For example, the work of the very same scientists involved in climategate is treated as the ultimate standard of climate science. Some of them, like Michael Mann, are among the most influential people in the IPCC and chart the climate blueprint for policymakers, whose policies then are implemented in many nations.

The Climategate episode certainly made me question whether the global warming was as dangerous as it is made up to be.

The answer to my question trickled in slowly over a number of years. Evidence began to emerge that scientists acknowledged a large gap between the actual observed real-world temperature datasets (from satellites) and those temperature predictions from computer climate models.

While these differences may not prove the allegations against the Climategate scientists, they do confirm us about one thing: the computer climate models exaggerate the future warming rate due to their high sensitivity to carbon dioxide emissions. As a result, the models continue to show an excessive and unreal warming rate for future decades.

Despite plenty of evidence, the IPCC continues to use these faulty model predictions to inform the public and policymakers about future changes in temperature.

A steady stream of scientific studies has documented the evidence for lack of dangerous warming—IPCC’s level of warming based on fifth- and sixth-generation (CMIP5 and CMIP6) models and the apparent absence of climate-induced ecological collapse.

In 2020 alone, over 400 peer-reviewed scientific papers took up a skeptical position on climate alarmism. These papers—and hundreds from previous years—address various issues related to climate change, including problems with climate change observation, climate reconstructions, lack of anthropogenic/CO2 signal in sea-level rise, natural mechanisms that drive climate change (solar influence on climate, ocean circulations, cloud climate influence, ice sheet melting in high geothermal heat flux areas), hydrological trends that do not follow modeled expectations, the fact that corals thrive in warm, high-CO2 environments, elevated CO2 and higher crop yields, no increasing trends in intense hurricanes and drought frequency, the myth of mass extinctions due to global cooling, etc.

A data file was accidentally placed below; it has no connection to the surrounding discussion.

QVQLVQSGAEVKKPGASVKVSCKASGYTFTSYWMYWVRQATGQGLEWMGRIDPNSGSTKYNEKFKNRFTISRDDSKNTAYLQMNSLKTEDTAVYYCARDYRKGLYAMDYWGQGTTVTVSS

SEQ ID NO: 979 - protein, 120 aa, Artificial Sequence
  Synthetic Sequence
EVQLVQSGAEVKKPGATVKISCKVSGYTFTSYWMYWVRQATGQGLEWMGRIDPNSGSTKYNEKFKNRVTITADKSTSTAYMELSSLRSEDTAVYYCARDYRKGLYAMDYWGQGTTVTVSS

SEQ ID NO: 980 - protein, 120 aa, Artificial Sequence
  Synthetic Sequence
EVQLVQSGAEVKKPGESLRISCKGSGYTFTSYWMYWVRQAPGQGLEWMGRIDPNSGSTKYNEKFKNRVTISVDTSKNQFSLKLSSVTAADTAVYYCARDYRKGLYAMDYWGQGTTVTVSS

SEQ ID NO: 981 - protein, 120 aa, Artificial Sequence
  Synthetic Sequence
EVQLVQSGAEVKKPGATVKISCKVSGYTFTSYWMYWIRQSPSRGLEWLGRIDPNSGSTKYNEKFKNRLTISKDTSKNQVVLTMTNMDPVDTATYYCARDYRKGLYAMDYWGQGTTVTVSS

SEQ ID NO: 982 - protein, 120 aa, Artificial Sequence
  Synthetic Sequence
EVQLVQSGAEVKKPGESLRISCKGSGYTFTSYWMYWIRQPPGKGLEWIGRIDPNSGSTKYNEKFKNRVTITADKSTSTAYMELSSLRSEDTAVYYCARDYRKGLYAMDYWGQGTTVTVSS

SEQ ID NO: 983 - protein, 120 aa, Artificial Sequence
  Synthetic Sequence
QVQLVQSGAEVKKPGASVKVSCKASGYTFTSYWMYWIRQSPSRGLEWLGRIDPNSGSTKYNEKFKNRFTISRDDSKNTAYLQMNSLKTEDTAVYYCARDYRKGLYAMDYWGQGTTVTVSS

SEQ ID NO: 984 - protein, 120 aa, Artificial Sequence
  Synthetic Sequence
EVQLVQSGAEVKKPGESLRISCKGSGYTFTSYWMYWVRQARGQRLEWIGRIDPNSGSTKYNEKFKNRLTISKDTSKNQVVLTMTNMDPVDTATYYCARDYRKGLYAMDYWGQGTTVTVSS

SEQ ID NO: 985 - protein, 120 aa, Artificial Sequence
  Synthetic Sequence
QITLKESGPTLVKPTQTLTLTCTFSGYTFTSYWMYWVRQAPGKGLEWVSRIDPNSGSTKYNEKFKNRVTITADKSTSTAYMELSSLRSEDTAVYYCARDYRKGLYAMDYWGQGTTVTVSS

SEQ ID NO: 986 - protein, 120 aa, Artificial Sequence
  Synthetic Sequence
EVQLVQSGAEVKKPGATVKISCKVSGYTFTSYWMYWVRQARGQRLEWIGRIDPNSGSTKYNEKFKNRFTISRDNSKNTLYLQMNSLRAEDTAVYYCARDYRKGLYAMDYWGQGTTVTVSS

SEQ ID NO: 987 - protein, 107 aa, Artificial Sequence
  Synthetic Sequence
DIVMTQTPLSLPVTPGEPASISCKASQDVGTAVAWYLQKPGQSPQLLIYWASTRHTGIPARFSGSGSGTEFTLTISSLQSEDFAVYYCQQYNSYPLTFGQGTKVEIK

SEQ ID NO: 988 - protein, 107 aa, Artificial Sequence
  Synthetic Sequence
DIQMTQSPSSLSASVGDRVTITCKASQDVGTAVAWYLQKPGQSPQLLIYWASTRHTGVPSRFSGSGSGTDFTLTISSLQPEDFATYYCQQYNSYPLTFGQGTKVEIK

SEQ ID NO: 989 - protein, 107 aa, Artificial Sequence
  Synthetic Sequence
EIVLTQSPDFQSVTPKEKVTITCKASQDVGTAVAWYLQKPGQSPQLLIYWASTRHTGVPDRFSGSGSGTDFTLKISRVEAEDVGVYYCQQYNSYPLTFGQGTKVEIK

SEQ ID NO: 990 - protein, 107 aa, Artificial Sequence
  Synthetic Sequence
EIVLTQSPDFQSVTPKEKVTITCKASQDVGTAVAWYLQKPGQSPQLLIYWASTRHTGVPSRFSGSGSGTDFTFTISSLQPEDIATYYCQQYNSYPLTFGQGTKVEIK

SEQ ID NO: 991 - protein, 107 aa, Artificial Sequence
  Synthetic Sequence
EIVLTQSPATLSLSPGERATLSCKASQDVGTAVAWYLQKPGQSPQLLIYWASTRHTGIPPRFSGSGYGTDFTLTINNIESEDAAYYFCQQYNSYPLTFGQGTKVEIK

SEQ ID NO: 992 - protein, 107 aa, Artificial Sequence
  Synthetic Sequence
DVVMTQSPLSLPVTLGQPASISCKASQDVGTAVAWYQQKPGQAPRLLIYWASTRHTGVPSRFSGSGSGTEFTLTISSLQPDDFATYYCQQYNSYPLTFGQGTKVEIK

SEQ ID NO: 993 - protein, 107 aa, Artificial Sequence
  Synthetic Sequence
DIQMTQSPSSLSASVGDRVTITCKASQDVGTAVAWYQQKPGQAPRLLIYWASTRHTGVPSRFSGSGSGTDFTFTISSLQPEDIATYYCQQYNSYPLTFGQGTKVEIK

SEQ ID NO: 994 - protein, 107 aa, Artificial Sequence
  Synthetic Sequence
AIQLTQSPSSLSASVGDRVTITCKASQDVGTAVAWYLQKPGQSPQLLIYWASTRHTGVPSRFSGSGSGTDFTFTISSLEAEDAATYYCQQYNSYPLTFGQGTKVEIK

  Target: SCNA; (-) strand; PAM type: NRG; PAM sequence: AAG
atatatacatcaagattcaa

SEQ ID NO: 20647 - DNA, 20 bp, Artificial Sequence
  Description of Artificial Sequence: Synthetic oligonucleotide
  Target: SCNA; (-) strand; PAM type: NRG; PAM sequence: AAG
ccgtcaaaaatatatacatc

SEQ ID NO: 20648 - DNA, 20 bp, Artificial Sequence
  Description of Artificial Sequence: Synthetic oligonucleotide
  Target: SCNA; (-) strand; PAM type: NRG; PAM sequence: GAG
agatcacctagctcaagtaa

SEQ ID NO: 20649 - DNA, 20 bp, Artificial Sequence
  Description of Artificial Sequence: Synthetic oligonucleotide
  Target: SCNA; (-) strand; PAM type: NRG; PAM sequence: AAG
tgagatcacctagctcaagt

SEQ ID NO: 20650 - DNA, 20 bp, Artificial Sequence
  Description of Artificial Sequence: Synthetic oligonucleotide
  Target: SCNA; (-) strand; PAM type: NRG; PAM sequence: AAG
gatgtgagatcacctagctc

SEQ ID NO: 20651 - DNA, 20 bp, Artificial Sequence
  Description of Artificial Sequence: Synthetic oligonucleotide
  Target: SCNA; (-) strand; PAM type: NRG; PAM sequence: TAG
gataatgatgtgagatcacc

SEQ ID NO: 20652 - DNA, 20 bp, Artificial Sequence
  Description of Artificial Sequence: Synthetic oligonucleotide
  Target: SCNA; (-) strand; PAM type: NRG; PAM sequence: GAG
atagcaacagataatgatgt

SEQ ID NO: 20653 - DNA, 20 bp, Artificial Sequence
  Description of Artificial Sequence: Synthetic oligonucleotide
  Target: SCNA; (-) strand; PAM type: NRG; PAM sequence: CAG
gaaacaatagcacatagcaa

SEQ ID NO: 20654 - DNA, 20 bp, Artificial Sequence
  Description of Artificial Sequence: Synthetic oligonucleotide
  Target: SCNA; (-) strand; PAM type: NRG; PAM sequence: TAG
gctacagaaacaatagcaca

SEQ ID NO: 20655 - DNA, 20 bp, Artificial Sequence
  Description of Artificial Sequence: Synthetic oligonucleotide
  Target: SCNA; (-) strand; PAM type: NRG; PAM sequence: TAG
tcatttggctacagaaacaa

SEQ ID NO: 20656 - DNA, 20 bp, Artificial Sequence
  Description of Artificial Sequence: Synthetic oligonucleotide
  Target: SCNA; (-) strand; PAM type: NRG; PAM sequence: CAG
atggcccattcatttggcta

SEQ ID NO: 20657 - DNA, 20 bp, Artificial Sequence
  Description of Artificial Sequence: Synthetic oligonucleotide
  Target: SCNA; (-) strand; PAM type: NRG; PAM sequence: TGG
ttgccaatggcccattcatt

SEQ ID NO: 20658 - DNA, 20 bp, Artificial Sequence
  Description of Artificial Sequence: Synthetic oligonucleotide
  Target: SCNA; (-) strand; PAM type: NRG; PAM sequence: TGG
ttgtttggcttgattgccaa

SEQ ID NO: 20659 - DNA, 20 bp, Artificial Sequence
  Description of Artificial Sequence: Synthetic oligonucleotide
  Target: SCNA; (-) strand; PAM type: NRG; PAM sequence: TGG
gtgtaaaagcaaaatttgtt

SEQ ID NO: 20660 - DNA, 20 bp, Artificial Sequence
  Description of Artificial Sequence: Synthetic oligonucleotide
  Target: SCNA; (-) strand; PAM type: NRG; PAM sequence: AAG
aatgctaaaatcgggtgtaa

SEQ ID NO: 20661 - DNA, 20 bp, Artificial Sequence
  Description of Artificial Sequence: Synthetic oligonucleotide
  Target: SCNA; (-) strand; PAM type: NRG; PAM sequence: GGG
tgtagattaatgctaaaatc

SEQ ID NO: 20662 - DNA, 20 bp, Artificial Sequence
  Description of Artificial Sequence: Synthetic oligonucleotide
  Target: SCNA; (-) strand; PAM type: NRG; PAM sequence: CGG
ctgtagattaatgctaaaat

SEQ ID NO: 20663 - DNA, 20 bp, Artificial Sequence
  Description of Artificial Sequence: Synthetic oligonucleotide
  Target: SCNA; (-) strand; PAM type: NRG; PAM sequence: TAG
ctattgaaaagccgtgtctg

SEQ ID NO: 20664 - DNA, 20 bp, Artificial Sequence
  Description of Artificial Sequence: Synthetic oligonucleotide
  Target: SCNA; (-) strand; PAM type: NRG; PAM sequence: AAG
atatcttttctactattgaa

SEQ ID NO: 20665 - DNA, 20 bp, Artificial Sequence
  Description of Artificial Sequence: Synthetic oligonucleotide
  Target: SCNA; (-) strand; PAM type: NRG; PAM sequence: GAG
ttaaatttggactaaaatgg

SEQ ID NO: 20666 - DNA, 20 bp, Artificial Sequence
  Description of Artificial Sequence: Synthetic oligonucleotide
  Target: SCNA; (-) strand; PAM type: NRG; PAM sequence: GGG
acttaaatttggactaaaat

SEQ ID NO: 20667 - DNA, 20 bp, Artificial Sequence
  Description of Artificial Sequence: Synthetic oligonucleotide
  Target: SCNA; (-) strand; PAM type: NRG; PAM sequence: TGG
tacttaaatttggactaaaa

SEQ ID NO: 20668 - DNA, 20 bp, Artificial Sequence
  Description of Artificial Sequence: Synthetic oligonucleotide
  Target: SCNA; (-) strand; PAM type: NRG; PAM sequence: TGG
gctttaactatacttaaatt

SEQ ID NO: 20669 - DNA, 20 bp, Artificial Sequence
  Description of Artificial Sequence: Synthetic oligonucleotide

Academia is filled with scientific literature that contradicts the position of those who believe climate change is unprecedented.

Also, during the course of the last decade, it became apparent that most of Al Gore’s claims in his 2006 documentary were false. Contrary to his claims, polar bear populations remained steady, the Arctic did not become ice free during the summer of 2014, and storms did not get stronger due to global warming.

In simple words, Gore misled the world and promoted falsehood as science, and he continues to do so while profiting from a renewable industry that is sold as the cure for global warming. Yet, he himself generates carbon dioxide emissions and many times higher than an average family’s.

So, not only are the predictions of models are wrong, but also the interpretations of climate data and the propaganda of a climate doomsday were also wrong.

Today, we know the modern warming rate is not unprecedented. Warming of such magnitude has happened twice within the past 2000 years. Further, ice at both poles is at historic highs, even compared with the Little Ice Age of the 17th century.

Besides, there has been no increase in extreme weather events due to climate change and the loss of lives due to environmental disasters has drastically reduced during the last 100 years.